New (GMO Inside) campaign faults corporate disinformation in Prop 37 defeat

By Agri-Pulse staff

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WASHINGTON, Nov. 8, 2012 - A new coalition, focused on the right to know whether or not foods are genetically engineered, today denounced the millions of dollars poured into anti-Prop 37 efforts by major corporations. The group argues that the corporate campaign, financed by agribusiness, food and chemical giants such as Monsanto, Dupont, Dow, Coca Cola and Kellogg's, was designed to misinform and deceive the public about the cost of labeling.

“Corporations may have misled voters in California about GMOs, but they can't change the fact that over 90 percent of Americans support the labeling of foods with genetically engineered ingredients,” said Alisa Gravitz, CEO of Green America. “The GMO Inside campaign will make it possible for all Americans to find GMOs in the food products in their homes and communities, label them, and switch to non-GMO foods instead.  The campaign will show corporations that people will not complacently serve as lab rats for the testing of genetically engineered foods.”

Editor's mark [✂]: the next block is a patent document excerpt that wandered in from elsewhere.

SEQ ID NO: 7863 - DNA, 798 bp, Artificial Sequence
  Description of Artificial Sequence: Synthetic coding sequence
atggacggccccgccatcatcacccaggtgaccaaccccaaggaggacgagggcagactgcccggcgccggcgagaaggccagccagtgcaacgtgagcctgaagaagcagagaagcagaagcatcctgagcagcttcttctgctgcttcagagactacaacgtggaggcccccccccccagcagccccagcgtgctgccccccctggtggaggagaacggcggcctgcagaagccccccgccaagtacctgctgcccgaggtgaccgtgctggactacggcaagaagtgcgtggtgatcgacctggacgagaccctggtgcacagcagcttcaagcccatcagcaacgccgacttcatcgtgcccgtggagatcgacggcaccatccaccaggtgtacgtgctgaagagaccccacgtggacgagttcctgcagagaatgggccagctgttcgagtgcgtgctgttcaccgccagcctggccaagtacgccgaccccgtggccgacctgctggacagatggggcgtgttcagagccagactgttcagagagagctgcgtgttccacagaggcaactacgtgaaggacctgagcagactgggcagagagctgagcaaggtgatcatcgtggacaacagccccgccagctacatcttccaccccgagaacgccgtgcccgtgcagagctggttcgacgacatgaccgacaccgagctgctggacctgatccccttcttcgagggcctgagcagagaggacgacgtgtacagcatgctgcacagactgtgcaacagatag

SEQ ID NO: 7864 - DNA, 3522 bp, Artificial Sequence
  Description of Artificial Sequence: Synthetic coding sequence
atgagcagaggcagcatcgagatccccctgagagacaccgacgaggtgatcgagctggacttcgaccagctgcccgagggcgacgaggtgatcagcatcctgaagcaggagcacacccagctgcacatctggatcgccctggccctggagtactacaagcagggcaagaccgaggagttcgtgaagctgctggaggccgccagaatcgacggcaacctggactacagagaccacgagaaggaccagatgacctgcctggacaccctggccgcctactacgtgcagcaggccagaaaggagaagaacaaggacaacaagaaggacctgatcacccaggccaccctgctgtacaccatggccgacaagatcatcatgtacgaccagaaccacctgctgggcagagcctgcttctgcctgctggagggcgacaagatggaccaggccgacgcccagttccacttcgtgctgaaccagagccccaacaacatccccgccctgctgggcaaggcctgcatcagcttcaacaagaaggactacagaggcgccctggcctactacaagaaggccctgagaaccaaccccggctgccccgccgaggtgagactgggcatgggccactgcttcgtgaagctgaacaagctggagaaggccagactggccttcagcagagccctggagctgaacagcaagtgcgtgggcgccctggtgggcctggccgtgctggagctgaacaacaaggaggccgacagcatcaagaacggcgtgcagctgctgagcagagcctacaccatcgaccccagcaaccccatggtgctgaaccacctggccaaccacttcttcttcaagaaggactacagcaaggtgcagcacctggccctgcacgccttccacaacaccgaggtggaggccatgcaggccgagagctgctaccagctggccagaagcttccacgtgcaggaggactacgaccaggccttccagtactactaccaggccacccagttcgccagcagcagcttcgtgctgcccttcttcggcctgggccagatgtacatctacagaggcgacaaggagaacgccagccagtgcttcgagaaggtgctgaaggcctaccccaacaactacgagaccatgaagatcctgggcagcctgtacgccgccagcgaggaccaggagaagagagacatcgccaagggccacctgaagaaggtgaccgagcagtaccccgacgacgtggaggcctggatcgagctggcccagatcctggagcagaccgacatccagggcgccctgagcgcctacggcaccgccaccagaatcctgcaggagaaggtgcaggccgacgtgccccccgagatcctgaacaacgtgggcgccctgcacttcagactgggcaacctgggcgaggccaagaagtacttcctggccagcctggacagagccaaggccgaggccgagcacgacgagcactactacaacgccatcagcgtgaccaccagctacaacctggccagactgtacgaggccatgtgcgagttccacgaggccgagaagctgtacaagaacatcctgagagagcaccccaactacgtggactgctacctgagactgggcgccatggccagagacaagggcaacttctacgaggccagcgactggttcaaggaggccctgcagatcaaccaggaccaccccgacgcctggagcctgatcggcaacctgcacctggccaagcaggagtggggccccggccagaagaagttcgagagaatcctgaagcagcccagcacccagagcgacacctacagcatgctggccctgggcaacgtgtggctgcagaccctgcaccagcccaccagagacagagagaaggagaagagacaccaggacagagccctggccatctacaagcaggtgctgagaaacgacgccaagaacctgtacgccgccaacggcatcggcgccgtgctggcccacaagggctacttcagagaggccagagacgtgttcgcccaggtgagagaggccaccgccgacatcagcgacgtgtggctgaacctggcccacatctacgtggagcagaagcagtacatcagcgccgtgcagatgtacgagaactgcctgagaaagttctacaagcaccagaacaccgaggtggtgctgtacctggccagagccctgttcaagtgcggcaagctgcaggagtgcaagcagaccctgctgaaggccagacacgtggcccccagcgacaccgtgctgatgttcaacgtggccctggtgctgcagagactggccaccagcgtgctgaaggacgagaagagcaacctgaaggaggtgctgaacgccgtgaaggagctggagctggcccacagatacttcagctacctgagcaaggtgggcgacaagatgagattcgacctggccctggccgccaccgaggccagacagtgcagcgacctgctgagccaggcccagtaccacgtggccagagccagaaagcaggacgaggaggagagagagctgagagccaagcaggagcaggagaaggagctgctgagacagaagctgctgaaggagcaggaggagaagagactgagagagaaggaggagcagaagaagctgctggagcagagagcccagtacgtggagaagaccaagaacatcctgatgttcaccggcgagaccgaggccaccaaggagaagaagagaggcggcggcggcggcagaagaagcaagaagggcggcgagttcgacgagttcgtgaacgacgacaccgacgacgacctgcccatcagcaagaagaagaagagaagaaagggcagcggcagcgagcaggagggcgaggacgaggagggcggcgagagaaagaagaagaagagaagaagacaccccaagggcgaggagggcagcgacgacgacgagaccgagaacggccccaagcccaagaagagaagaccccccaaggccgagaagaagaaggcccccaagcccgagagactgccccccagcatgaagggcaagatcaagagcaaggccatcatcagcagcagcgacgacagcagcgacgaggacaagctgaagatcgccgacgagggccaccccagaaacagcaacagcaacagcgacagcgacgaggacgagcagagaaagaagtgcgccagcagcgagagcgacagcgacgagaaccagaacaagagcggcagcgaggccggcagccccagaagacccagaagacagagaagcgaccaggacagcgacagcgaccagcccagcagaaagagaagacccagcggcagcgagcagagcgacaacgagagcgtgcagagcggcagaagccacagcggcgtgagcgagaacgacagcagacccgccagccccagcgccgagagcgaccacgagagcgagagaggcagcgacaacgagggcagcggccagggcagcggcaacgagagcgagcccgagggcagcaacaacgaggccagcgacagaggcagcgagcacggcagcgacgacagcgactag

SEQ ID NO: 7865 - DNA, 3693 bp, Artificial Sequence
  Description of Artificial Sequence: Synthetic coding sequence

"We are disappointed but not deterred by this defeat," said John W. Roulac, CEO and founder of Nutiva-world's leading organic superfood brand. "GMO Inside was created to catapult the energy from the fight for Prop 37 to the next level. Our goal is to bring greater awareness to consumers nationwide about the dangers of GMOs and educate on what they can do to make a change."

The GMO Inside campaign hopes to provide Americans with actions they can take in their homes, grocery stores, and communities to call attention to genetically engineered foods. 

Click here to learn more about the GMO Inside campaign.

Biotechnology Industry Organization (BIO) Director of Food and Agriculture Communications Karen Batra had this response:

“It's hard to tell from the news release and website what this campaign will actually DO.  Consumers already have many food choices and can select the products they prefer. The U.S. Food & Drug Administration policy is that foods should be labeled in a way that is useful to consumers, by listing information on matters such as nutrient content, chemical composition and potential allergenicity or toxicity concerns.  Labeling is required to be truthful and not misleading.  Proposed labeling schemes like Prop 37 are meant to scare consumers rather than inform them. This new campaign seems to be in the same vein.”

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